Understanding the new language around Climate Change P

As climate concerns are being raised in the business community, through various brilliant campaigns such as B Corps’ Climate Collective Campaign, our role to help businesses understand what Net Zero means and how to get there, is becoming a crucial part of our business impact model and is intrinsic to creating positive climate action.

Our approach to tackling anthropogenic (human caused) climate change is part of a holistic strategy incorporating the Sustainable Development Goals. This also highlights the need for businesses, policy makers, NGOs and governments to take a fair and proportional share of the responsibility in reducing carbon, without placing that burden unfairly on the Global South; reflecting the necessity for climate action that also creates climate justice.

Definitions of the most commonly-used climate goals, adopted by Green Element and based on IPCC definitions, are as follows:

Carbon neutrality and net-zero carbon – Net zero carbon dioxide (CO2) emissions are achieved when anthropogenic CO2 emissions are matched globally by anthropogenic CO2 removals over a specified period. Net zero CO2 emissions are also referred to as carbon neutrality; In this definition, only carbon dioxide emissions are considered.

Net-zero emissions – Net zero emissions are achieved when anthropogenic emissions of all 7 Kyoto greenhouse gases into the atmosphere are matched by anthropogenic removals of the same amount over a specified period.

Climate neutrality – Concept of a state in which human activities result in no net effect on the climate system. Achieving such a state would require matching residual emissions with emissions removal as well as accounting for regional or local bio-geophysical effects of human activities that affect local climates.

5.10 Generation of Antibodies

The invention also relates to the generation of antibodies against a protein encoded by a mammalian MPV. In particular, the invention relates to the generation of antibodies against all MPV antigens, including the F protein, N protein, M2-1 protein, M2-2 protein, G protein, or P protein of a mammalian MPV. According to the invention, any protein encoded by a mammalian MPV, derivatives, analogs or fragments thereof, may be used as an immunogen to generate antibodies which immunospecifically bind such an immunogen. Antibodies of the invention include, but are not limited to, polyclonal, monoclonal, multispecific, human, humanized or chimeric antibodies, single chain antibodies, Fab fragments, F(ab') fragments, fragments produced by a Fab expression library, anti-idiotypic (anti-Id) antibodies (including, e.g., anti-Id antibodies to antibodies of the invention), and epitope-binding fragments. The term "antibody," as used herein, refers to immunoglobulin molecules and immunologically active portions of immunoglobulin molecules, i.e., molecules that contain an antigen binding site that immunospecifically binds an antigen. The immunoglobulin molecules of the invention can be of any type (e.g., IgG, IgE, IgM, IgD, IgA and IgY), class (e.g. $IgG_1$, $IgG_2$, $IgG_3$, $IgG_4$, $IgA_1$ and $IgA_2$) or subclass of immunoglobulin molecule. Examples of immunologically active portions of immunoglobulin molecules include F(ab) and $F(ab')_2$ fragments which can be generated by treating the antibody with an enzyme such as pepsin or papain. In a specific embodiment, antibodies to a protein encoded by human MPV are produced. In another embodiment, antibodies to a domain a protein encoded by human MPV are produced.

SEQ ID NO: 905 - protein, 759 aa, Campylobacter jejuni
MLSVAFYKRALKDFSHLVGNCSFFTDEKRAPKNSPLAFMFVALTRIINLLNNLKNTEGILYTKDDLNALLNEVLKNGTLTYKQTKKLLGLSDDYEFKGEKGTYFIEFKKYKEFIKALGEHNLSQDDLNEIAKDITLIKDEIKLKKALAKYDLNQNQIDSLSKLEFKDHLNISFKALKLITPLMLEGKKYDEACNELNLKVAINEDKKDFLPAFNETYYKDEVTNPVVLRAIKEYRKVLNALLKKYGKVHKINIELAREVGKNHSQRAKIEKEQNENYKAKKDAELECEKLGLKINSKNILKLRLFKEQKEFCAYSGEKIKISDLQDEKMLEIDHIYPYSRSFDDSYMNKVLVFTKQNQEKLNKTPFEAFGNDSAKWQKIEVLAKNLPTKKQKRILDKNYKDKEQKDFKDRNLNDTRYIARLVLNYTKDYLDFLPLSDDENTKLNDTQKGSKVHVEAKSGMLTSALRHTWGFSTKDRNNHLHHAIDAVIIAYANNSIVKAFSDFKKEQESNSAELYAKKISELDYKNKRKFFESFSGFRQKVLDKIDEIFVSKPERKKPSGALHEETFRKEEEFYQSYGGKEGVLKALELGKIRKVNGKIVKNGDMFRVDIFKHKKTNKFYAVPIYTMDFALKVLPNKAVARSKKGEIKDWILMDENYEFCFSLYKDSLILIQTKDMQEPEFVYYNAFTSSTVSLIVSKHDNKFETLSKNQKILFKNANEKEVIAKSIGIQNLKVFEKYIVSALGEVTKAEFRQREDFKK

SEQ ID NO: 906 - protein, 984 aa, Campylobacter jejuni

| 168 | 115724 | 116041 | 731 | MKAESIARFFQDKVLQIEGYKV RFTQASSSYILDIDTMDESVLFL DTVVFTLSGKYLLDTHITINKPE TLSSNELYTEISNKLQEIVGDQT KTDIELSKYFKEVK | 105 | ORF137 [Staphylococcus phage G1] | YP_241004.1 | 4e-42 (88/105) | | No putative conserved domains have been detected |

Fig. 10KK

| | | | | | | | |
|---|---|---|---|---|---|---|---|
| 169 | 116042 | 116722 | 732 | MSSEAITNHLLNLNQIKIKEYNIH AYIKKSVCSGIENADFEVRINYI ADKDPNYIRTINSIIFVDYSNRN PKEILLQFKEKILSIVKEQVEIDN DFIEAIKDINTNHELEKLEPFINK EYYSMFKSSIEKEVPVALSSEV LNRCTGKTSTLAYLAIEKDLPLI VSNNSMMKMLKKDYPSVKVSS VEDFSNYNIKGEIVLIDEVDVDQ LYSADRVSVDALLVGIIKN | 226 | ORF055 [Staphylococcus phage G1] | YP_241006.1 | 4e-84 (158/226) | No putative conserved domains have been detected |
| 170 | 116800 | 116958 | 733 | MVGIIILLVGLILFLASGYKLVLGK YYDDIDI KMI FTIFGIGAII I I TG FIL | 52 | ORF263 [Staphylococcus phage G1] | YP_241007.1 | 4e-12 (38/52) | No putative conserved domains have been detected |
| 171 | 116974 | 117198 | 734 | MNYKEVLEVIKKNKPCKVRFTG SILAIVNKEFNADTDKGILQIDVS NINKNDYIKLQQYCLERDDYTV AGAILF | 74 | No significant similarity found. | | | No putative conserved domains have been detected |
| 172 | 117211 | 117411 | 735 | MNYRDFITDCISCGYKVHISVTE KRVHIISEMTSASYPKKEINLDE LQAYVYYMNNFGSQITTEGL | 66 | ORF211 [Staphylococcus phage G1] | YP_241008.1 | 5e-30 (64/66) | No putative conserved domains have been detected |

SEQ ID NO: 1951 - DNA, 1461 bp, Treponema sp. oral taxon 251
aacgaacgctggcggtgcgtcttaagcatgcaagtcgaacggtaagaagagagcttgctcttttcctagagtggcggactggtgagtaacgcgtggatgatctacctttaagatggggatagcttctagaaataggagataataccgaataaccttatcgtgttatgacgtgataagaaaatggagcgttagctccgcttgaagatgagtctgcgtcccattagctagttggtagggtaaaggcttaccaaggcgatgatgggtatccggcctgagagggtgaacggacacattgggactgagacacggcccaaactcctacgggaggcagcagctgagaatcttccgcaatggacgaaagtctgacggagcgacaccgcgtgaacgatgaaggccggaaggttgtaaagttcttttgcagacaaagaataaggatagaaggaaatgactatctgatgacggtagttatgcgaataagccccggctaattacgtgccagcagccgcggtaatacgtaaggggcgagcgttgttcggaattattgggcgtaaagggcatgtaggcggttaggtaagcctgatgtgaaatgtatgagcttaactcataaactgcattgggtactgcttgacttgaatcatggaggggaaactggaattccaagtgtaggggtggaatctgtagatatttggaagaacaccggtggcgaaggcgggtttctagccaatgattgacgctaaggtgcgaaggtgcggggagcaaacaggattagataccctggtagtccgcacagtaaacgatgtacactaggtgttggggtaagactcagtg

What is real net-zero?

Real net-zero emissions is where the world needs to get to around the middle of this century. It means greenhouse gas emissions through humankind’s activities will equal zero.  The ‘net’ part here means that additional removals can be taken into account when calculating the total anthropogenic emissions.  These carbon removals must:

  • Take place by the reference time period
  • Be in addition to any pre-existing removals systems, be they natural or anthropogenic
  • Implement climate justice; be auditable and verified by climate scientists.

In September 2019, the ‘Business Ambition for 1.5°C’ campaign was launched: a joint effort of the Science Based Target initiative (SBTi), the We Mean Business Coalition and UN Global Compact to help companies map their routes to net-zero:

“The next decade is critical. By taking this pledge you are formalising your increased ambition and signalling your commitment to a zero emissions future to your peers, investors, policy makers, customers, suppliers, civil society organisations, and other stakeholders.” Business Ambition for 1.5°C, SBTi, United Nations Global Compact and We Mean Business Coalition.

Summary of How Businesses can take positive climate action  

  1. Sign up to the Business Ambition for 1.5°C
  2. Set science-based targets
  3.  Halve their Scopes 1 and 2 gross greenhouse gas emissions every 10 years.
  4. Create industry-wide and cross-sector climate cooperatives working together towards a shared goal: to rapidly accelerate decarbonisation.

Positive impact in 2020 

The definitions of what is meant by these terms can vary hugely and at Green Element, we help companies navigate and understand these ambiguities by providing free access to resources, blogs and guides on these topics and we also support companies to develop their own business roadmap to achieve ‘real’ Net Zero.

 In 2020, Green Element has helped 26 companies validate its SBT and is working with 5 others.

 

The post Understanding the language around Net Zero, Carbon Neutrality, and Climate Justice appeared first on Green Element.

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